Review

Review: The Road to Oz by L. Frank Baum

Genre: Fantasy Age Level: Junior Source: Library Series: Oz #5 Interest: plot, series
Genre: Fantasy
Age Level: Junior
Source: Library
Series: Oz #5
Interest: plot, series

Dorothy and Toto are off again on an exciting adventure down The Road to Oz!

In order to help the lovable, ever-wandering Shaggy Man, Dorothy and Toto must journey through magical and mysterious lands. Soon the three are joined by a lost lad named Button-Bright and the beautiful young Polychromethe Rainbow’s Daughter. With magic at work and danger about, these new friends must journey through cities of talking beasts, across the Deadly Desert into the Truth Pond, and through many other strange and incredible places before they can reach the Emerald City.

Along the way, Dorothy and her companions encounter a whole new assortment of fantastic and funny characters–the crafty King Dox of Foxville, the magical donkey King Kik-a-bray, the terrible bigheaded Scoodlers, and Johnny Dooit (who can do anything)–along with old friends Jack Pumpkinhead, Tik-tok, Billina, and, of course, the Tin Woodman, the Cowardly Lion, the Scarecrow, and the wonderful Wizard himself.

3/5

The Road to Oz was an extremely fun read involving everything dangerous situations to huge birthday parties. It  follows a similar plot the to first Oz book where Dorothy along with Toto meet new friends along the way and must reach the Emerald City to solve their problems and find their way home.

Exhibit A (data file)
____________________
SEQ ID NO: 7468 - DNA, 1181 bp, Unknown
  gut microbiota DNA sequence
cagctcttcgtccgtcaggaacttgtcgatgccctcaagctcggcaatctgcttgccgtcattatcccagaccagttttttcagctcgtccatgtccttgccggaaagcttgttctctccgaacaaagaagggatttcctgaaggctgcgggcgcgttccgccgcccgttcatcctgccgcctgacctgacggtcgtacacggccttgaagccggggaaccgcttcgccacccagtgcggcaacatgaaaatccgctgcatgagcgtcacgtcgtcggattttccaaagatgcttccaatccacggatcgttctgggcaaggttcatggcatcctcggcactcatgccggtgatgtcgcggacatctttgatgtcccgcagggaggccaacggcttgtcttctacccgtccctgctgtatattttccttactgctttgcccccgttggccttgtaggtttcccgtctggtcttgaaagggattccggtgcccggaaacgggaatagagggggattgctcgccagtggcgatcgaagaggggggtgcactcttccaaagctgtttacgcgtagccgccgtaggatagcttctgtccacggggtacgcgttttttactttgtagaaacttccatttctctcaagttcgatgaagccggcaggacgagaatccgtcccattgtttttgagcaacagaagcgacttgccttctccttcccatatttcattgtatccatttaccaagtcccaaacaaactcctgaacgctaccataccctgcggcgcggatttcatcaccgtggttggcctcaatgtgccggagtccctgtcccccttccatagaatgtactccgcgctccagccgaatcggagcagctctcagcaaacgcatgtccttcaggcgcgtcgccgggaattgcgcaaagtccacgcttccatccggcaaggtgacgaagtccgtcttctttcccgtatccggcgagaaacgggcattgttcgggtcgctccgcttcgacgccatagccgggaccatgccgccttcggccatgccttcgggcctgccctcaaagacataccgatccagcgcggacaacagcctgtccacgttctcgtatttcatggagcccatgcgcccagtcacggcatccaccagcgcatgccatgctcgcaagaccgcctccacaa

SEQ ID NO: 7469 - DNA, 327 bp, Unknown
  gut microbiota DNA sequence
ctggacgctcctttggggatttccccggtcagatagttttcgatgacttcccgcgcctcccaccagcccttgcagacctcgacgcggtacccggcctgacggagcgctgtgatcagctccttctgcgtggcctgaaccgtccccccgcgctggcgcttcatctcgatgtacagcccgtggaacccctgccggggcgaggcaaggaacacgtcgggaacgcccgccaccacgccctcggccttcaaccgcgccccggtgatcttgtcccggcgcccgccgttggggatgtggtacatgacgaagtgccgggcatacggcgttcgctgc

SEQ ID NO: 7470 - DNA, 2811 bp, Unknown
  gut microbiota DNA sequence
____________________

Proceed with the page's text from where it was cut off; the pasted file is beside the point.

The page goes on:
Along the way they meet many creatures, some friendly, some not along with all of Dorothy’s old friends. Baum’s imagination must have been incredible in order to think up so many different types of creatures with their own lifestyles and ideologies.  He also created a multitude of fairy lands surrounding Oz for these creatures to inhabit.

This book discusses the idea of intelligence . The fox’s believe that intelligence is in asking questions and thinking of simple answers to complex problems. They therefore believe that Button-Bright, a young boy, who doesn’t know a thing about the world and has a bad memory is a genius. The donkey’s are too stupid to think there is anything beyond what they know and assume they are smart. As the shaggy man says, “…the more stupid one is the more he thinks he knows.” Since the shaggy man is able to use big words they think he must be smart.

I have begun to notice that the books of Oz have many little snippets of wise words or observations of society such as the quotation  above which make the story as a whole seem less childish. Another example is “It isn’t what we are, but what folks think we are that counts in this world.”

The books ends with Ozma’s birthday party which takes up a surprisingly large portion of the book. There is the arrival in the Emerald city, the arrival of all the guests, the birthday dinner and then the celebration the following day. There was a slight surprise at the end of the story relating to Dorothy’s adventures but it was not that shocking.

The book ends nicely, tying up all the loose ends and returning everyone to their rightful places. Another point worth mentioning is that the pages in the book change colour every so many pages which was really cool. Once again, another great  book in the series!

Other Oz books:

The Wonderful Wizard of Oz (#1)

The Marvelous Land of Oz (#2)

Ozma of Oz (#3)

Dorothy and the Wizard in Oz (#4)

Have you read this book? What did you think? 

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